43-year-old Sunita Kasera is the only female member of the 150 member strong Karauli Press Union in Rajasthan. Sunita feels that Karauli is a backward district that offers little opportunity to local residents. Although Sunita completed her graduation from Jaipur University, after marriage, her in-laws insisted she stay at home. In her spare time, Sunita joined an NGO, Sathya Naval…
A Hindu widow is supposed to take off all ornaments, wear only black or white, cut her hair short, walk barefoot after her husband dies. It's a living death for her--she cannot even participate in auspicious ceremonies like weddings, nor is she allowed to remarry.
By contrast nothing changes for a man who has lost his wife. Our Community Correspondent interviews a widow and the widower. The widower says men are like 'free birds' and he has not had to face any restrictions after his wife passed away. By contrast, the widow reveals how a woman must control her desires and abide by what tradition has dictated for her. Such gender-based discrimination is the function of the iron-grip of patriarchy in our lives.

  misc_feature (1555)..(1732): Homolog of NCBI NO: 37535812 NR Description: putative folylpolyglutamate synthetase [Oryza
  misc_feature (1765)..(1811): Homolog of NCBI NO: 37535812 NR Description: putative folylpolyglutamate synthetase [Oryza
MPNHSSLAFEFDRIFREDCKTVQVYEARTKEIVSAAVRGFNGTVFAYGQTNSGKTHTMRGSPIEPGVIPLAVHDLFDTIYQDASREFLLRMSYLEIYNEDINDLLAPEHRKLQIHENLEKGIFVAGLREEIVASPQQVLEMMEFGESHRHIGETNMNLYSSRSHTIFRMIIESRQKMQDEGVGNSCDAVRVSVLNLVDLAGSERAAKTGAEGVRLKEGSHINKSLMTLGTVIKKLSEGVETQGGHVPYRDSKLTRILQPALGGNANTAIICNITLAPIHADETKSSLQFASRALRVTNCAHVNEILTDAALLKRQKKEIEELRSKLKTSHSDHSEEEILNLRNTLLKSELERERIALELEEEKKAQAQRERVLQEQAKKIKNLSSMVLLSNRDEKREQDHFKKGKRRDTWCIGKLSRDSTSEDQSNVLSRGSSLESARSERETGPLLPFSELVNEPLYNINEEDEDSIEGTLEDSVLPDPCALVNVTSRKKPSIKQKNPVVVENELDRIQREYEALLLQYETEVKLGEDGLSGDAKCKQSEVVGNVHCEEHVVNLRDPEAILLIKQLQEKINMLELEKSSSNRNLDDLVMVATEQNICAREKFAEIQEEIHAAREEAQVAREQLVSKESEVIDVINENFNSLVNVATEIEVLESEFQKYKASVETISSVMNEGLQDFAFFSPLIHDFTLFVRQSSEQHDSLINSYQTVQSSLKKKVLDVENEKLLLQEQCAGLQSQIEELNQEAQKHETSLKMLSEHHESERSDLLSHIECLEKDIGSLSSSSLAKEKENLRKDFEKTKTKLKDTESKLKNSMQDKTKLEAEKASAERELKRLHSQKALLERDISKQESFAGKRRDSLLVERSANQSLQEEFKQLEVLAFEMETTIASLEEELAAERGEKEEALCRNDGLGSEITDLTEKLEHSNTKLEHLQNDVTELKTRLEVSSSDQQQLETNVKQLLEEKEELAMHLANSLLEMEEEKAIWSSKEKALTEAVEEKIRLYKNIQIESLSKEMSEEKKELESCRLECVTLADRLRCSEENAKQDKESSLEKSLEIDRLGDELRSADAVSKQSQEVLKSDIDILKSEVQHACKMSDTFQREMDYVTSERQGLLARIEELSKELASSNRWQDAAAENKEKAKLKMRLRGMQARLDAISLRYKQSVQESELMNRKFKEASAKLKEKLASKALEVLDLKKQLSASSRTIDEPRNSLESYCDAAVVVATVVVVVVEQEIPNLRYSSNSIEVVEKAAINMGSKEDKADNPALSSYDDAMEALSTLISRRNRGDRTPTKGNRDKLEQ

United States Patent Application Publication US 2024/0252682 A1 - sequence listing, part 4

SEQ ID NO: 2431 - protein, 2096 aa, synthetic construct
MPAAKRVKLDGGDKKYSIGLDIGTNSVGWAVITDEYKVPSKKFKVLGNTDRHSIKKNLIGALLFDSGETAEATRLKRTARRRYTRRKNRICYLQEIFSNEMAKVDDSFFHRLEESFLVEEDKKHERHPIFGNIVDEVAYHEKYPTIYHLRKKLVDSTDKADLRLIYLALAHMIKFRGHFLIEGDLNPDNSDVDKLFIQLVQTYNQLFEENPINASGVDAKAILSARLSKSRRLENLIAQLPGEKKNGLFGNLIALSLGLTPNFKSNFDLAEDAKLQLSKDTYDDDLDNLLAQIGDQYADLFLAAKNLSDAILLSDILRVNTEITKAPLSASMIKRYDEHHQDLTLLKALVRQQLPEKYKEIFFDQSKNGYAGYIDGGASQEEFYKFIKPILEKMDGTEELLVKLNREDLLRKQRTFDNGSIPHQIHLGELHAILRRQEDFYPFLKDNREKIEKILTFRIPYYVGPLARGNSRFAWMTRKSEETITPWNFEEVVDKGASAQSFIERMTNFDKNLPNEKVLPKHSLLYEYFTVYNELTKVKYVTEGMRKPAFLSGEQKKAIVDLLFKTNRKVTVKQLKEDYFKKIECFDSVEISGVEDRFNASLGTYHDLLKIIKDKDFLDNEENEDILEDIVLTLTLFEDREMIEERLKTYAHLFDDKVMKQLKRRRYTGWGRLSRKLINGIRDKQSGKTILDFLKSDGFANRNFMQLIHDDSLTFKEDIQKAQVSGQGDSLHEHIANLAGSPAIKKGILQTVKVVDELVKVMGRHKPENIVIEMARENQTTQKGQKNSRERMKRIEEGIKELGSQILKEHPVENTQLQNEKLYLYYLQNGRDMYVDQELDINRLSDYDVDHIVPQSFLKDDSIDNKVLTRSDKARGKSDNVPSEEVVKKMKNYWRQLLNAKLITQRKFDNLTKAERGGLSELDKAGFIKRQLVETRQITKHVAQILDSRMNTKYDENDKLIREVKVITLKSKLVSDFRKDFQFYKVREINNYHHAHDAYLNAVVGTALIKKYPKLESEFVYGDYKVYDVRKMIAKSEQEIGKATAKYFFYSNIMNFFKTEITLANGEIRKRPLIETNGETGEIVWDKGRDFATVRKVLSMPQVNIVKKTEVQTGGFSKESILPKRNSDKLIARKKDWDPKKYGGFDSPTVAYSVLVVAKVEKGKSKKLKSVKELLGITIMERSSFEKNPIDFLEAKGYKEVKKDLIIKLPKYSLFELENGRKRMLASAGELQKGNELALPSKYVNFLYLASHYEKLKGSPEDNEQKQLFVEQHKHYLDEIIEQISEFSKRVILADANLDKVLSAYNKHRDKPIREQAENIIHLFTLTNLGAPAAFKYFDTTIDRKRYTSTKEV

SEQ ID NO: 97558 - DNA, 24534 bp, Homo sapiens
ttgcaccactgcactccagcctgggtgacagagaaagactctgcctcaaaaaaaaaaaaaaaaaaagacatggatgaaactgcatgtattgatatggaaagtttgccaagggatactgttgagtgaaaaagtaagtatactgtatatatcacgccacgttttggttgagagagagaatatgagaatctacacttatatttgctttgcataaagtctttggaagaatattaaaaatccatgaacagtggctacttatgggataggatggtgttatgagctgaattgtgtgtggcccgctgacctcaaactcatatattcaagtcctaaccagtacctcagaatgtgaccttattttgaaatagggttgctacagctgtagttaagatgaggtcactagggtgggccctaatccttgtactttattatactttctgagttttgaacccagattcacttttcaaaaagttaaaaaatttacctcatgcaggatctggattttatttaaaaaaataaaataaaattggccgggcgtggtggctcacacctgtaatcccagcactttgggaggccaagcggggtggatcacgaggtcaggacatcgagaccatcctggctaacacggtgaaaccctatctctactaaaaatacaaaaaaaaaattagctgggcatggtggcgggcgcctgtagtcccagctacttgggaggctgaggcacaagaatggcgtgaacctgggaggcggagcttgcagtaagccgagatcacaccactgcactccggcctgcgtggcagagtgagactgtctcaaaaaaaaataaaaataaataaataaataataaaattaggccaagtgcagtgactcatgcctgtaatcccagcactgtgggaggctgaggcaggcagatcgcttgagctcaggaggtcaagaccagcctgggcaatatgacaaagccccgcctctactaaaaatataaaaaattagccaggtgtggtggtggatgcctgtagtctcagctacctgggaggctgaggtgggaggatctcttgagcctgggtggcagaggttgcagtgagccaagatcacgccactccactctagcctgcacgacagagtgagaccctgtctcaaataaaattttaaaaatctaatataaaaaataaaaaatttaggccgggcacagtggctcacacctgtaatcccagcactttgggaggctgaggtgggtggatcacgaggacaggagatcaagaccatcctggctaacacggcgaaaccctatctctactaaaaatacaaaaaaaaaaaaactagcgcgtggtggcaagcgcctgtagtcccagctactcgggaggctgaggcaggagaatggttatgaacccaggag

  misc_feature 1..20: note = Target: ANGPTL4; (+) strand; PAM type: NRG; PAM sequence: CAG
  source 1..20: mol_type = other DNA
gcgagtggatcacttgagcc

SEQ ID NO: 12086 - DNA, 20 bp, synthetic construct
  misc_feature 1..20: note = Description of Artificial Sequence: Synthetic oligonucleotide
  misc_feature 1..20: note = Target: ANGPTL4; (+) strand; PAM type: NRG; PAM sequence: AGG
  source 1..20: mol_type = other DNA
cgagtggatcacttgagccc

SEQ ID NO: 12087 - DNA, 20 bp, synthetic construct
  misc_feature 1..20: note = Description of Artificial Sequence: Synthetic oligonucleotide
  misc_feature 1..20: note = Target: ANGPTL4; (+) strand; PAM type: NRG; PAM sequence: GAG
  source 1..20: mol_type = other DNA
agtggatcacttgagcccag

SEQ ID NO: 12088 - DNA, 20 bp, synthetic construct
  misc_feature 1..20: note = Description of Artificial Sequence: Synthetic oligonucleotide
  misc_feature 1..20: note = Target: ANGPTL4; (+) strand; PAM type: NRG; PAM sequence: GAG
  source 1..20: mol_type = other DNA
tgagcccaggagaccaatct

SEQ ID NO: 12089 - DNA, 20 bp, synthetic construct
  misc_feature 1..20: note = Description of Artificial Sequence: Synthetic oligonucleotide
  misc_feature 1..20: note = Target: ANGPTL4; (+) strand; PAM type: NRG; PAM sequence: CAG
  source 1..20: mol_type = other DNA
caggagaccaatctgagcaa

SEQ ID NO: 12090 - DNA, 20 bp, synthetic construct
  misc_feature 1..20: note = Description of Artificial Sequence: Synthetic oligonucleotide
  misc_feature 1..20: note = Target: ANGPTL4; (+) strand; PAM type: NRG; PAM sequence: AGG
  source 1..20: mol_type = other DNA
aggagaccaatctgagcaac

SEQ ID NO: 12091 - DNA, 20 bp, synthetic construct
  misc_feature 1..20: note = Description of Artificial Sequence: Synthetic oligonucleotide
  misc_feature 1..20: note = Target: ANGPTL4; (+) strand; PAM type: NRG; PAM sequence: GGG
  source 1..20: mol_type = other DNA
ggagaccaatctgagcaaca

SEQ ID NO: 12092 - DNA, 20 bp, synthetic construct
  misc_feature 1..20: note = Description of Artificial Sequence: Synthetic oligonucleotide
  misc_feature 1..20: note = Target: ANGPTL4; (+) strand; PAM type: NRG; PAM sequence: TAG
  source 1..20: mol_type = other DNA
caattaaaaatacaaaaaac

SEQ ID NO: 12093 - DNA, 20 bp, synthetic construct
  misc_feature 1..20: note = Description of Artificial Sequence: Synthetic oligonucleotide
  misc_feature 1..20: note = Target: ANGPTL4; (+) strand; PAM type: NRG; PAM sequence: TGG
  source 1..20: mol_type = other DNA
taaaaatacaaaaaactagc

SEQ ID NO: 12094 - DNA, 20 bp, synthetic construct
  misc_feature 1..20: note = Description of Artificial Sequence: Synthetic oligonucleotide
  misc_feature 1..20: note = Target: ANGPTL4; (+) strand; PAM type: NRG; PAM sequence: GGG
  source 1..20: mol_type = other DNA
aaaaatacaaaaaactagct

A woman is seen as incomplete by herself--she can only be someone's daughter or wife and her identity is linked to that of a man. Even today as women go out in the world and succeed, such noxious practices restrict and throttle ambitions of many more. We need to challenge such practices in our lives and in our conversations. #KhelBadal
COMMUNITY CORRESPONDENT SUNITA KASERA FROM RAJASTHAN REPORTS FOR VIDEO VOLUNTEERS. THIS SERIES DOCUMENTING EVERYDAY PATRIARCHY IS SUPPORTED BY UNFPA
Community Correspondents come from marginalised communities in India and produce videos on unreported stories. These stories are ’news by those who live it.’ They give the hyperlocal context to global human rights and development challenges. See more such videos at www.videovolunteers.org. Take action for a more just global media by sharing their videos and joining in their call for change.
The slum dwellers of Pestom Sagar Area, Chembur, Mumbai have developed some really thick resilience. Their slums have been tossed and toppled away so many times that their bitterness is turning to rage now.
The ASHA workers are instituted by the ‘ National Rural Health Mission.’ They are at the bottom of the pyramid - the interface between the community and Indian Public Health Delivery System, the first point of contact for millions of Indians to health care.